Ekranoplan

Ground effect vehicle – Wikipedia, the free encyclopedia

A ground effect vehicle (GEV) is one that attains level flight near the surface of the Earth, made possible by a cushion of high-pressure air created by the aerodynamic interaction between the wings and the surface known as ground effect. Also known as a wing-in-ground-effect (WIG) vehicle, flarecraft, sea skimmer, ekranoplan, or wing-in-surface-effect ship (WISE), a GEV can be seen as a transition between a hovercraft and an aircraft. The International Maritime Organization, (IMO), has classified the GEV as a ship.[1] A GEV differs from an aircraft in that it cannot operate without ground effect, so its operating height is limited relative to its wingspan.

In recent years a large number of different GEV types have evolved for both civilian and military use. However, these craft are not in wide use as yet.

An ekranoplan (Russian: экранопла́н, French: ecran screen + plan plane ) is a vehicle resembling an aircraft but which operates solely on the principle of ground effect (in Russian эффект экрана effekt ekrana – from which the name derived). Ground effect vehicles fly above any flat surface, with the height above ground dependent upon the size of the vehicle. Ekranoplan design was conceived by revolutionary Soviet engineer Rostislav Alexeev.Advantages and Disadvantages

A ground effect craft may have better fuel efficiency than an equivalent aircraft flying at low level due to the close proximity of the ground reducing lift-induced drag. There are also safety benefits in flying close to the water as an engine failure will not result in severe ditching. However, this particular configuration is difficult to fly even with computer assistance. Flying at very low altitudes, just above the sea, may be dangerous if the craft banks too far to one side while making a small radius turn.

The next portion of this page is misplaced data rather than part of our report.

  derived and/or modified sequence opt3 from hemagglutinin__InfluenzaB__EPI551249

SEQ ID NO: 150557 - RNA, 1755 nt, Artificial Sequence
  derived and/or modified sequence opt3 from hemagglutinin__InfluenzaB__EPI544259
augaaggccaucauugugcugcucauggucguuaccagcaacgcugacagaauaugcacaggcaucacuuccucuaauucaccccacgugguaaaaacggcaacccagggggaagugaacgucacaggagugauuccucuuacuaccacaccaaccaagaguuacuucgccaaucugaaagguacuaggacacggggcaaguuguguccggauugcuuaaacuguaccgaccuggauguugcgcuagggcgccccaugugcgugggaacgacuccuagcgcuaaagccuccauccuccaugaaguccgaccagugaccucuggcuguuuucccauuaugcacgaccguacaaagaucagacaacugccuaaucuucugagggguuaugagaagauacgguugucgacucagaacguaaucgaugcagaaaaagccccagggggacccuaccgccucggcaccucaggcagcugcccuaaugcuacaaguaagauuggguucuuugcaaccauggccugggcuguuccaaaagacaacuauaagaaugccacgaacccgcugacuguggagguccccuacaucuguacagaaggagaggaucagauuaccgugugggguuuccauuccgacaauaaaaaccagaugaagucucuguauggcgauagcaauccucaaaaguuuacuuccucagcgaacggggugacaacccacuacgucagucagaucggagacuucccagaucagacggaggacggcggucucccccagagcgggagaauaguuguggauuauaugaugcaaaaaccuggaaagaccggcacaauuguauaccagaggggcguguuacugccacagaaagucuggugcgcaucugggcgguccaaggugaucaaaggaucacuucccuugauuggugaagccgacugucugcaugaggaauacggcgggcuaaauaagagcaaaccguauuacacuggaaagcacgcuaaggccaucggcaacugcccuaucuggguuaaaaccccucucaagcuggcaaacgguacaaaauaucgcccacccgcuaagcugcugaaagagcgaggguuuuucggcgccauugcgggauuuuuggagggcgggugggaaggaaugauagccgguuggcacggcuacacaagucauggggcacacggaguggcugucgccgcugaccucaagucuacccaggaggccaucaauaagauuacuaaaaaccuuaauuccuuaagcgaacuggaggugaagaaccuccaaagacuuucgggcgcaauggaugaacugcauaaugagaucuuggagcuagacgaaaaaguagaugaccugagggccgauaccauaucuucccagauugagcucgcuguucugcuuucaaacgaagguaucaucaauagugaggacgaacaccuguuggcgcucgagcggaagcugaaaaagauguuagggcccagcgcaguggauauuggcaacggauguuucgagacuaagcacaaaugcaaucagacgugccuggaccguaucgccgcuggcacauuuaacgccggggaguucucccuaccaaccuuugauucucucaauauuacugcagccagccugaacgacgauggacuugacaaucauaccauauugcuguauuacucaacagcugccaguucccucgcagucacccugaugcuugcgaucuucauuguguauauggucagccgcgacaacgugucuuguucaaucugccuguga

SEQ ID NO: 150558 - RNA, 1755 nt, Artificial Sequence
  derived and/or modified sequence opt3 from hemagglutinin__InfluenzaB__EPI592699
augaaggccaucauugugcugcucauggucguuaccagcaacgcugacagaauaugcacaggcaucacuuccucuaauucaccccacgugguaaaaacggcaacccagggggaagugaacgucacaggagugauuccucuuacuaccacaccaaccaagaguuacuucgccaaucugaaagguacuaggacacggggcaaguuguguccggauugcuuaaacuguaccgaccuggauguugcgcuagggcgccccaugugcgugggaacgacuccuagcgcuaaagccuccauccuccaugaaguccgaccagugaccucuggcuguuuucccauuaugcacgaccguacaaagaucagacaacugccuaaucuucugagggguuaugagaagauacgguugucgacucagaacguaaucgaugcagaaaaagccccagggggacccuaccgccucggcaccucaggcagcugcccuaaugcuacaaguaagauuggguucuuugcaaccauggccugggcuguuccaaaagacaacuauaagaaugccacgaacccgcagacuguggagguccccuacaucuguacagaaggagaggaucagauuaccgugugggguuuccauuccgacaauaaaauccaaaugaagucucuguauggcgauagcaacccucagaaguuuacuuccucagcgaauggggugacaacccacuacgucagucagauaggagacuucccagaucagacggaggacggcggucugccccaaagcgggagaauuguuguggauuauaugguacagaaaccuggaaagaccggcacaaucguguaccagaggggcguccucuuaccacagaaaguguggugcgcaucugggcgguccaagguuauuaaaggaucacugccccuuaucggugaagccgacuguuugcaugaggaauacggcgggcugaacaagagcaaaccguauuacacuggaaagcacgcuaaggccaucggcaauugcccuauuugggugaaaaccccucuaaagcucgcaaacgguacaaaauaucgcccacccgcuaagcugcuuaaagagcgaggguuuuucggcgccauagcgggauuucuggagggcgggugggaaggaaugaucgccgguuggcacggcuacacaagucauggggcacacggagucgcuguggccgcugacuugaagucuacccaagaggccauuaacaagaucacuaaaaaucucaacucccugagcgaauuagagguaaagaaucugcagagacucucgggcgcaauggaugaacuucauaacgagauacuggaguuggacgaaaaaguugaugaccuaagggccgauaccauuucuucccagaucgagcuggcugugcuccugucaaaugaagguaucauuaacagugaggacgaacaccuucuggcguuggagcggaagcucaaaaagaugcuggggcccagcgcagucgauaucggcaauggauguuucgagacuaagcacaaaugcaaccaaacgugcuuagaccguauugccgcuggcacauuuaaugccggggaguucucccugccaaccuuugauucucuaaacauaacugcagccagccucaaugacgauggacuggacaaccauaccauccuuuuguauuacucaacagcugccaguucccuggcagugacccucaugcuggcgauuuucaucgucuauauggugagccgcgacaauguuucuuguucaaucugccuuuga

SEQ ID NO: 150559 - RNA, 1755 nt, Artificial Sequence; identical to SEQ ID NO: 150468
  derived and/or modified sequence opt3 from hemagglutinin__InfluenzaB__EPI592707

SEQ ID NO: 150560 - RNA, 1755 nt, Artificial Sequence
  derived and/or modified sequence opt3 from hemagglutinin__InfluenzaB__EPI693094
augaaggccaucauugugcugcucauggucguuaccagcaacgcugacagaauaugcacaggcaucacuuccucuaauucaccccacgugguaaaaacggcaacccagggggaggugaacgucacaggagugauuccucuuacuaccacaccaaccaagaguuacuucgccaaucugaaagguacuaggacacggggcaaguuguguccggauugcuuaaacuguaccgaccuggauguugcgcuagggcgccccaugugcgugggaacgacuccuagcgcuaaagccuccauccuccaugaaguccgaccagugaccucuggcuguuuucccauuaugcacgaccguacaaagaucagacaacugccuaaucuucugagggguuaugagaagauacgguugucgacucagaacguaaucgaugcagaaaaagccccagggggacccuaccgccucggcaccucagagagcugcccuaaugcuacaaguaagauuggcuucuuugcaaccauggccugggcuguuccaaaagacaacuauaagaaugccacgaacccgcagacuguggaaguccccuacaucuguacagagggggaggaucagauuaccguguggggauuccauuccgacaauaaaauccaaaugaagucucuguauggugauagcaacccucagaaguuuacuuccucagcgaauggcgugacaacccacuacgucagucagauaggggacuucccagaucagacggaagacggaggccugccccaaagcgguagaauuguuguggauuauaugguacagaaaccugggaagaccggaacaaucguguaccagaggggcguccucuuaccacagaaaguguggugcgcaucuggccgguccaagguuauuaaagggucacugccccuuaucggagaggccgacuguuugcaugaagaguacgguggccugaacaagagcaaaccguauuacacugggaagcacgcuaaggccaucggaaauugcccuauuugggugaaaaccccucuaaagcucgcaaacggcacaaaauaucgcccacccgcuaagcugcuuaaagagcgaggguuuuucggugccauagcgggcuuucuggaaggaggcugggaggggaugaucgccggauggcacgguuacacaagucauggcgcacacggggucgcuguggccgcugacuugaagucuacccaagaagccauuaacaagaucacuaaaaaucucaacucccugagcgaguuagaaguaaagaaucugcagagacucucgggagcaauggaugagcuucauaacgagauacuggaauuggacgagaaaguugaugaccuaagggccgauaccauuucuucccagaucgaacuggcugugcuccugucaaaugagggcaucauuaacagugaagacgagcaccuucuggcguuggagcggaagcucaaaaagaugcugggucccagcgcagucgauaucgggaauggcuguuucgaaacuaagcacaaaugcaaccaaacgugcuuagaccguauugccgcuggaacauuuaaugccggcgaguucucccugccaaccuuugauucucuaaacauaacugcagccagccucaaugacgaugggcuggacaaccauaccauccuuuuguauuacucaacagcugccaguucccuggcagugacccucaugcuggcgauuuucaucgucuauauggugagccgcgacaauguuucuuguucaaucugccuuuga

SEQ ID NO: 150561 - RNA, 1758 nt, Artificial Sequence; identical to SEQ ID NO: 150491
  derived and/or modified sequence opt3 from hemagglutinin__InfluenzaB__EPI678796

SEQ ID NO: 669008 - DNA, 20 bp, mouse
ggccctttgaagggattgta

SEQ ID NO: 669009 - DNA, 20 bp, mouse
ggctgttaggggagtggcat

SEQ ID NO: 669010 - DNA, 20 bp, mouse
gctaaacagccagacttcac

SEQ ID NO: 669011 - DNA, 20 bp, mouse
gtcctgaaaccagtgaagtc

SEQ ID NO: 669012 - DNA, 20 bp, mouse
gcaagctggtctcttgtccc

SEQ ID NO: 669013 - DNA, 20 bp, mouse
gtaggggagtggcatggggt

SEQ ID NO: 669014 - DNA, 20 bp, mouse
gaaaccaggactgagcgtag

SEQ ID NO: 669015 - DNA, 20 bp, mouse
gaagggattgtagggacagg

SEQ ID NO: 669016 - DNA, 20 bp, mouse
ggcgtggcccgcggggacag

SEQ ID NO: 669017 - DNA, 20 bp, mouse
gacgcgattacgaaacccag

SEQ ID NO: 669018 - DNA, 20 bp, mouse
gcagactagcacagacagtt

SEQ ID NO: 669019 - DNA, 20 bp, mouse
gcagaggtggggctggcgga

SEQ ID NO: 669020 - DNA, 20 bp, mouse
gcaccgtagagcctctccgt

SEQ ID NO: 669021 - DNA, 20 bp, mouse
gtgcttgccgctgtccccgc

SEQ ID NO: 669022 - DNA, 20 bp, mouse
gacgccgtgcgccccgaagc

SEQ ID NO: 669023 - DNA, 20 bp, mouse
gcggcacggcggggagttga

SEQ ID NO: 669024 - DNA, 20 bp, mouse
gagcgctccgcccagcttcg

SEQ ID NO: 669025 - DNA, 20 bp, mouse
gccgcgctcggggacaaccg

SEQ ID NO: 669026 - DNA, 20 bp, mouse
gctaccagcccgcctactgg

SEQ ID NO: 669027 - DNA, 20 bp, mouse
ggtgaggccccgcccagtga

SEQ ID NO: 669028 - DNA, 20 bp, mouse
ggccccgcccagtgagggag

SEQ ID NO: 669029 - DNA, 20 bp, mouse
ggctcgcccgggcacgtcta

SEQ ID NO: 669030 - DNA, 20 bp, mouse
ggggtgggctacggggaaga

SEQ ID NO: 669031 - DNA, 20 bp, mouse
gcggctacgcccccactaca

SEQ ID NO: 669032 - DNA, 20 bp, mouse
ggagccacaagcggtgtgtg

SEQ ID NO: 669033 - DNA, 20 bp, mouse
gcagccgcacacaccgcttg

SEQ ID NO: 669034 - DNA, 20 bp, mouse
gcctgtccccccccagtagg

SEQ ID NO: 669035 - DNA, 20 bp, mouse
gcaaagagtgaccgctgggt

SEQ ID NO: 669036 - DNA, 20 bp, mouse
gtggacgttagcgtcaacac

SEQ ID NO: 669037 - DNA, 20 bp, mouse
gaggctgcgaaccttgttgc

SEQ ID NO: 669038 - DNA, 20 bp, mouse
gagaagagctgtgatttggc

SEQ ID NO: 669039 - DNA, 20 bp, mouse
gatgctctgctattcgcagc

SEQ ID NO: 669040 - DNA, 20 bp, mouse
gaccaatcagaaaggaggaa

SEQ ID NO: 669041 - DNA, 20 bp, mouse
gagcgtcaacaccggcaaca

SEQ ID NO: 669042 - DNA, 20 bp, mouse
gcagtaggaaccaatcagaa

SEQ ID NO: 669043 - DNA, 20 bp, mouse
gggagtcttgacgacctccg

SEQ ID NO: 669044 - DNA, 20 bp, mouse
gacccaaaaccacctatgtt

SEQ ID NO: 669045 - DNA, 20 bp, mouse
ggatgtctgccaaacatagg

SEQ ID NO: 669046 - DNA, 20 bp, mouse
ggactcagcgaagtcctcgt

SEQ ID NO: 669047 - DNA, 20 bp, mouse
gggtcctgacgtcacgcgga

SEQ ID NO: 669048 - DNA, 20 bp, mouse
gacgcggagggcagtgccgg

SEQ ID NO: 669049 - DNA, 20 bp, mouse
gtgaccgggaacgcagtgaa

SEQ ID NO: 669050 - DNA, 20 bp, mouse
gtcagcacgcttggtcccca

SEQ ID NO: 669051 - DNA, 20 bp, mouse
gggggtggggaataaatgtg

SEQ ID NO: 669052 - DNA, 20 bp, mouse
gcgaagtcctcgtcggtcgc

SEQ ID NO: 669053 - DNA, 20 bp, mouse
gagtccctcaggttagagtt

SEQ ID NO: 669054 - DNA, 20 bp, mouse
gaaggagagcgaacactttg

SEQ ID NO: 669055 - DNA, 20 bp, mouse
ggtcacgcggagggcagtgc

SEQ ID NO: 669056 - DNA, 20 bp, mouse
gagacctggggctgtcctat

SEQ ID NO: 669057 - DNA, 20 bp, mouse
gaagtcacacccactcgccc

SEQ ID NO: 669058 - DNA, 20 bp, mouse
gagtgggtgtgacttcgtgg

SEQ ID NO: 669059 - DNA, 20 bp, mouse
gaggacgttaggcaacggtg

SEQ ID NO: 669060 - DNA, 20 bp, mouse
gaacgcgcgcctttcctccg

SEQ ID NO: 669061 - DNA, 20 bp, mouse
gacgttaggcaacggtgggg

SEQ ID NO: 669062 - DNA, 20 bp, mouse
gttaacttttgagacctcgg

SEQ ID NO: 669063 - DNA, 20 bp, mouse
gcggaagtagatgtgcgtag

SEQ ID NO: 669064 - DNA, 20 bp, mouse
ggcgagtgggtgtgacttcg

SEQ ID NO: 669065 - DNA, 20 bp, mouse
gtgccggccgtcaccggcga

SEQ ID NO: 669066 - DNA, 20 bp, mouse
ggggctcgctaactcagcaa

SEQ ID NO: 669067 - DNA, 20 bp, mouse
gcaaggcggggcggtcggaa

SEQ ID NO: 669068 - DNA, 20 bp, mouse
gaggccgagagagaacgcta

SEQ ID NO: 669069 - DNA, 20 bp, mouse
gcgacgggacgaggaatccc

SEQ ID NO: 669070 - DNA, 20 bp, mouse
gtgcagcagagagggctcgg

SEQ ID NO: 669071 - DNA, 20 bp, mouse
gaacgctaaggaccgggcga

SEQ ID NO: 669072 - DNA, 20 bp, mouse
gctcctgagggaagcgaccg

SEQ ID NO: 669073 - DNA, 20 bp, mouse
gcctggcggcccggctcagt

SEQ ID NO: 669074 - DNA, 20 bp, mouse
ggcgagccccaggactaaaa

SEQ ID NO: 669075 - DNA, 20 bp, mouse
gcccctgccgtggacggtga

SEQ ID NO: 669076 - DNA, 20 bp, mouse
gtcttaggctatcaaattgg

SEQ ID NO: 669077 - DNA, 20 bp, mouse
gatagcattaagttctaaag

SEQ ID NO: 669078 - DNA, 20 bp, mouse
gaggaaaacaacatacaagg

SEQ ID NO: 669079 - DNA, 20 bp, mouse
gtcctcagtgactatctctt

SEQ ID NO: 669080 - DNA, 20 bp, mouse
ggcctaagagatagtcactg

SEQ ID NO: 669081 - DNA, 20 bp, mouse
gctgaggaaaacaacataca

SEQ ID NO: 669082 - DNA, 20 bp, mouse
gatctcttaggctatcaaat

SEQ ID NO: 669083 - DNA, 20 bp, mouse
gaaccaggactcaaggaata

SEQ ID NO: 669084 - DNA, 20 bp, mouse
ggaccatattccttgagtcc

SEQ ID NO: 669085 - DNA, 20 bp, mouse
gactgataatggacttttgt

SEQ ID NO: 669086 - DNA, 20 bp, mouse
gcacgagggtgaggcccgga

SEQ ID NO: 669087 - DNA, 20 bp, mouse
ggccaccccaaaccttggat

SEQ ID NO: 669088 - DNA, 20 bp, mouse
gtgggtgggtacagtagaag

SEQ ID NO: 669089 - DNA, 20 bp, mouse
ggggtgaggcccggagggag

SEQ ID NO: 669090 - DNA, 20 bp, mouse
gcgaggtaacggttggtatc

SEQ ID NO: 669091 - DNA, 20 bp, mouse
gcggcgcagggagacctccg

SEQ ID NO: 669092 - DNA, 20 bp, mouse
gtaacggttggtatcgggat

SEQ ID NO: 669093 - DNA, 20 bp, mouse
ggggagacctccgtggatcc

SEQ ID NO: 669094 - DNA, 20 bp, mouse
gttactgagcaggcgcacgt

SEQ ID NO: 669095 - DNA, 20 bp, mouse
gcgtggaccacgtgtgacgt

A take-off must be into the wind, which in the case of a water launch, means into the waves. This creates drag and reduces lift. Two main solutions to this problem have been implemented. The first was used by the Russian Ekranoplan program which placed engines in front of the wings to provide more lift. The Caspian Sea Monster had eight such engines, some of which were not used once the craft was airborne. A second, more elegant approach, is to use some form of an air-cushion to raise the vehicle most of the way out of the water, making take-off easier. This is used by German Hanno Fischer in the Hoverwing (successor of the Airfisch ground effect craft), which uses some of the air from the engines to inflate a skirt under craft in the style of a sidewall hovercraft.

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